I Remember: Special Moments with Sparky Anderson

—I remember the day we were shooting at Children’s Hospital, and as he visited the kids there Sparky was especially enthused. (He had resisted the idea of us taping him with the children, but he finally agreed because we said the publicity would aid his work there.) He told how he had recently been given an envelope by Tiger ace Jack Morris; inside was a personal check for $50,000 for his CATCH Foundation. The pitcher’s only provision was that no publicity be given to the donation. Sparky seemed so pleased, so proud of Morris.

—I remember the time we were shooting a Channel 4 promo in the Tiger dugout at Lakeland. WDIV cameraman extraordinaire Kevin “Shoots” Hewitt was basking in the late afternoon sun, waiting for some film or something to be delivered. Hewitt was wearing cutoff jeans with weird striped tube socks, and had removed his shirt. His then-rather-large beer belly was hanging over the top of his jeans, his back and legs were sunburned a garish red. Sparky looked over at him, and said with his usual flare … “Kevin looks good, don’t he?”

—I remember the summer Sparky took a leave of absence from the Tigers, suffering some kind of emotional letdown after a dive by the team in the second half of the season. I had gone to see him, to discuss scheduling shooting days for the “Sparky” special we had planned at Channel 4, a show that would have to be delayed till the following year. Sparky was inconsolable. He sat behind his desk, his head down, saying over and over “You don’t know what it’s like, you don’t what it’s like, Tommy. Losing like this, you just can’t imagine what it’s like. You don’t know what it’s like. You just don‘t know.” I left there worried about him, realizing that the normally ebullient Anderson surely had a manic-depressive side to him. So I was not surprised when he left the team.

—I remember seeing Sparky sleeping at poolside at the Lakeland Holiday Inn during training in 1985. You never saw a more comfortable guy, just completely relaxing in the sun. And I recall the people, one about every ten minutes, who came up and disturbed his reverie, waking him up out of a deep sleep to ask for his autograph. And I particularly recall how he smiled at them each time, and kindly signed their papers, thanking THEM for the opportunity. Then back to sleep he’d go.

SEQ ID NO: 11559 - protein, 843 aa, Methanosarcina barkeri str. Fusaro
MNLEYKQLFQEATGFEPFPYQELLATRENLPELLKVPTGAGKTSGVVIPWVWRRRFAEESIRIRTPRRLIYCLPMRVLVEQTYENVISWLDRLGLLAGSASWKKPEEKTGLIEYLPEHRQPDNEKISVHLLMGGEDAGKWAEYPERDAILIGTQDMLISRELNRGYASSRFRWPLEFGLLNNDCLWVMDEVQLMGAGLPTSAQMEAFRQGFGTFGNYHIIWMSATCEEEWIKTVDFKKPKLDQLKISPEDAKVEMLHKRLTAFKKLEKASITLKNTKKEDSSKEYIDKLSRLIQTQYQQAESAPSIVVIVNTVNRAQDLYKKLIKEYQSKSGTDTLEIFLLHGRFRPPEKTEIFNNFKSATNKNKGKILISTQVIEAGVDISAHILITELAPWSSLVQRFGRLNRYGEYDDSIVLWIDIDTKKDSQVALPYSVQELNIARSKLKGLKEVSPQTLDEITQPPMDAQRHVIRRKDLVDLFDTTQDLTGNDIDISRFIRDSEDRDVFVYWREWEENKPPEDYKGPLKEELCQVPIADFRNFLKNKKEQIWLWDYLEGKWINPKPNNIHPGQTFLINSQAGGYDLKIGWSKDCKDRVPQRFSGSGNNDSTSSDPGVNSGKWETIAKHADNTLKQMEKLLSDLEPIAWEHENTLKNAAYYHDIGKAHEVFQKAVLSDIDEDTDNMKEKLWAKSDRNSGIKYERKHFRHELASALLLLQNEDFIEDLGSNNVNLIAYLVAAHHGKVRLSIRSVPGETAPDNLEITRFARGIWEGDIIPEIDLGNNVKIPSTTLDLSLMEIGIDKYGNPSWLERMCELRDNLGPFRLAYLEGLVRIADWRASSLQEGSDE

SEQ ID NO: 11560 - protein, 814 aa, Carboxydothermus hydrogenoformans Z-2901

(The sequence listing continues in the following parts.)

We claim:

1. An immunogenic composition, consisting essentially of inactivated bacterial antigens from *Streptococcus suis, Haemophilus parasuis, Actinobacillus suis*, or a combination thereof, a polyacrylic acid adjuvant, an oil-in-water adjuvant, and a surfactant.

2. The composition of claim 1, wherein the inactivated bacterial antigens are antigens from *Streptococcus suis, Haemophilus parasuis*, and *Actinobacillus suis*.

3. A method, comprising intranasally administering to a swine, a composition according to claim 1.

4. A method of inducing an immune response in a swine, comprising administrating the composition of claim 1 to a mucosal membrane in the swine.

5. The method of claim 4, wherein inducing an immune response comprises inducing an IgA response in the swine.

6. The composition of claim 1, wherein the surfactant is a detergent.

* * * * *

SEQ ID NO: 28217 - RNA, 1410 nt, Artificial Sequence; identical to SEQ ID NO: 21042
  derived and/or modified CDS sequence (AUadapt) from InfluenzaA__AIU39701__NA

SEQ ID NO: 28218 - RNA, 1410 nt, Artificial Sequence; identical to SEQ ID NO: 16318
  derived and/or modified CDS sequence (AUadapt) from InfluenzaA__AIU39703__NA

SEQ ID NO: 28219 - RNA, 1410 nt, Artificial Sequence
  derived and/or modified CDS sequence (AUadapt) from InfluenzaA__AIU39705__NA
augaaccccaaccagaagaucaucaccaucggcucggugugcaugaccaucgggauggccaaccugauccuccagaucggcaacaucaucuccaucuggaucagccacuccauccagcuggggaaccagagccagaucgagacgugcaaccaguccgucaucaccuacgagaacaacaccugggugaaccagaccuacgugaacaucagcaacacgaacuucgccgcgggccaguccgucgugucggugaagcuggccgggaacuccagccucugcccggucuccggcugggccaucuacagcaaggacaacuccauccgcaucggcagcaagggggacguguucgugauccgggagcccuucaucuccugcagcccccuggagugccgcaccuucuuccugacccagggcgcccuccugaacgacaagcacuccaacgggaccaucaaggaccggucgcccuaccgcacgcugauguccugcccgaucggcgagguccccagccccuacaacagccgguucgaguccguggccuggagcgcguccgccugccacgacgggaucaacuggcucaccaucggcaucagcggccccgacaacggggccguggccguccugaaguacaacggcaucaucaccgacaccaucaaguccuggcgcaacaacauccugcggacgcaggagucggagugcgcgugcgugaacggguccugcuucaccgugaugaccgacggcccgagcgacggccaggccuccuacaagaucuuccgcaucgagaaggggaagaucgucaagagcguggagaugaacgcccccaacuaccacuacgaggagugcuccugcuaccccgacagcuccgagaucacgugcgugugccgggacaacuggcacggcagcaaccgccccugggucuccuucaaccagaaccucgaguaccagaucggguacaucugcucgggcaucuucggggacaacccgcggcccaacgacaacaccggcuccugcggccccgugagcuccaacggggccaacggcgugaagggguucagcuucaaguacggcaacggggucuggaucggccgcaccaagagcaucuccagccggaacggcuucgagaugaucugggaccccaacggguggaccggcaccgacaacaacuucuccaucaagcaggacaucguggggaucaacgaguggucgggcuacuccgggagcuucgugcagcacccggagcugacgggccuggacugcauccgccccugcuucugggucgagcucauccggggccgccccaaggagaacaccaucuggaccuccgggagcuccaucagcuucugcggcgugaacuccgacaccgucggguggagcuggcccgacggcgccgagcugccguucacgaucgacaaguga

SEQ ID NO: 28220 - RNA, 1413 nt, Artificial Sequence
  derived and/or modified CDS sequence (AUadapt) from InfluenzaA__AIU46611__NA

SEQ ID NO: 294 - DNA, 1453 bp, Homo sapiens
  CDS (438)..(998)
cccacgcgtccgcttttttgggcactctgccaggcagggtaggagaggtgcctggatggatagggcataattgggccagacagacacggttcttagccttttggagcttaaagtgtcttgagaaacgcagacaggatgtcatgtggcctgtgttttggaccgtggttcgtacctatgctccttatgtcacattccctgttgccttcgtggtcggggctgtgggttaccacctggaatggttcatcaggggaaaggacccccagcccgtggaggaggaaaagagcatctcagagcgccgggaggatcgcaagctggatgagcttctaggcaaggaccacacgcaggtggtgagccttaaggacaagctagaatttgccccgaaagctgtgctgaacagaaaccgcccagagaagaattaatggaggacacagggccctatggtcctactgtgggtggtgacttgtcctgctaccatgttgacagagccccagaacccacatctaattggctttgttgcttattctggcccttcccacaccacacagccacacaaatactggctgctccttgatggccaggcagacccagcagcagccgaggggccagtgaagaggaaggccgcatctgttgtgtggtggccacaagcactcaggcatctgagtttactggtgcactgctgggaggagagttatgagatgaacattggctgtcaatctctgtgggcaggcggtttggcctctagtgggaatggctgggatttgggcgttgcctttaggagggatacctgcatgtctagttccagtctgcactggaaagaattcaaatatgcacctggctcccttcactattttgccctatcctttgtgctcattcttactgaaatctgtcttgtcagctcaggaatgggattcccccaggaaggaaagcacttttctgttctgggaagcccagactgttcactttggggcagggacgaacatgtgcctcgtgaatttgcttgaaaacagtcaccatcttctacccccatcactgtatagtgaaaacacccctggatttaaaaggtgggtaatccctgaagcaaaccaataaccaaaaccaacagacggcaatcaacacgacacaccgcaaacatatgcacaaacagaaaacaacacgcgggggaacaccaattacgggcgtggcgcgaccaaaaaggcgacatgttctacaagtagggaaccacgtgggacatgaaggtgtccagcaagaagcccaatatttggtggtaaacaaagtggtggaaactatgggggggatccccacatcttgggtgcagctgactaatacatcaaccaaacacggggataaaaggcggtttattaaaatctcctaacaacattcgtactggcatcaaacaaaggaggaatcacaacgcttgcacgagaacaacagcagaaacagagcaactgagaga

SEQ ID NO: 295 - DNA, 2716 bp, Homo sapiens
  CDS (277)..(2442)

—I remember the story about super-golfer Sparky taking five golf balls out onto the back lawn at that Holiday Inn, along with his 9-iron. He hit five beautiful high shots across the back of the motel, with the balls gently falling into the high grass on the far side. Suddenly an old man came out of the back of the motel, walked down towards the lake, and stopped when he saw a golf ball in front of him. Then another, then another. Excited, he picked up every one of Sparky’s five shots, and put them in his pockets. Then he rushed back into the motel, perhaps to tell his wife of his wonderful fortune. Standing about 50 yards away, watching all this with club in hand, Sparky just shrugged and walked back to his room.

—I remember taping some “Tiger Moments” commercial segments with Sparky after practice at Lakeland one day. The entire time he kept pushing our shooting schedule — “I gotta be outta here by noon. Got a noon tee-time, and I can’t be late. Get me outta here by noon, Tommy.” I promised, and we did. But before he left, I introduced him to my parents — Charlie and Virginia — sitting outside our taping room. Just a quick hello, with my Dad telling Sparky how thrilled he was to finally be visiting Lakeland, a place he’d thought about all his life, starting as a boy in the late 1920s and ‘30s. With that, Sparky — who was in SUCH a hurry — pulled out his pipe and tobacco pouch. He filled the pipe, sat down, and talked baseball with my father for the next twenty minutes or so, until he had finished the bowl. Sparky’s hero Casey Stengel, Gehringer, Kirk Gibson, Mantle … I could hear the names they were discussing as we interviewed Alan Trammell in the next room.

Then, when his pipe had been smoked, Sparky got up and excused himself, shook my father’s hand, and finally left for his golf game. Nearly a half hour late. But what he had done for my Dad that day. My parents were thrilled. As was I.

That … was Sparky Anderson. And boy, do I remember…..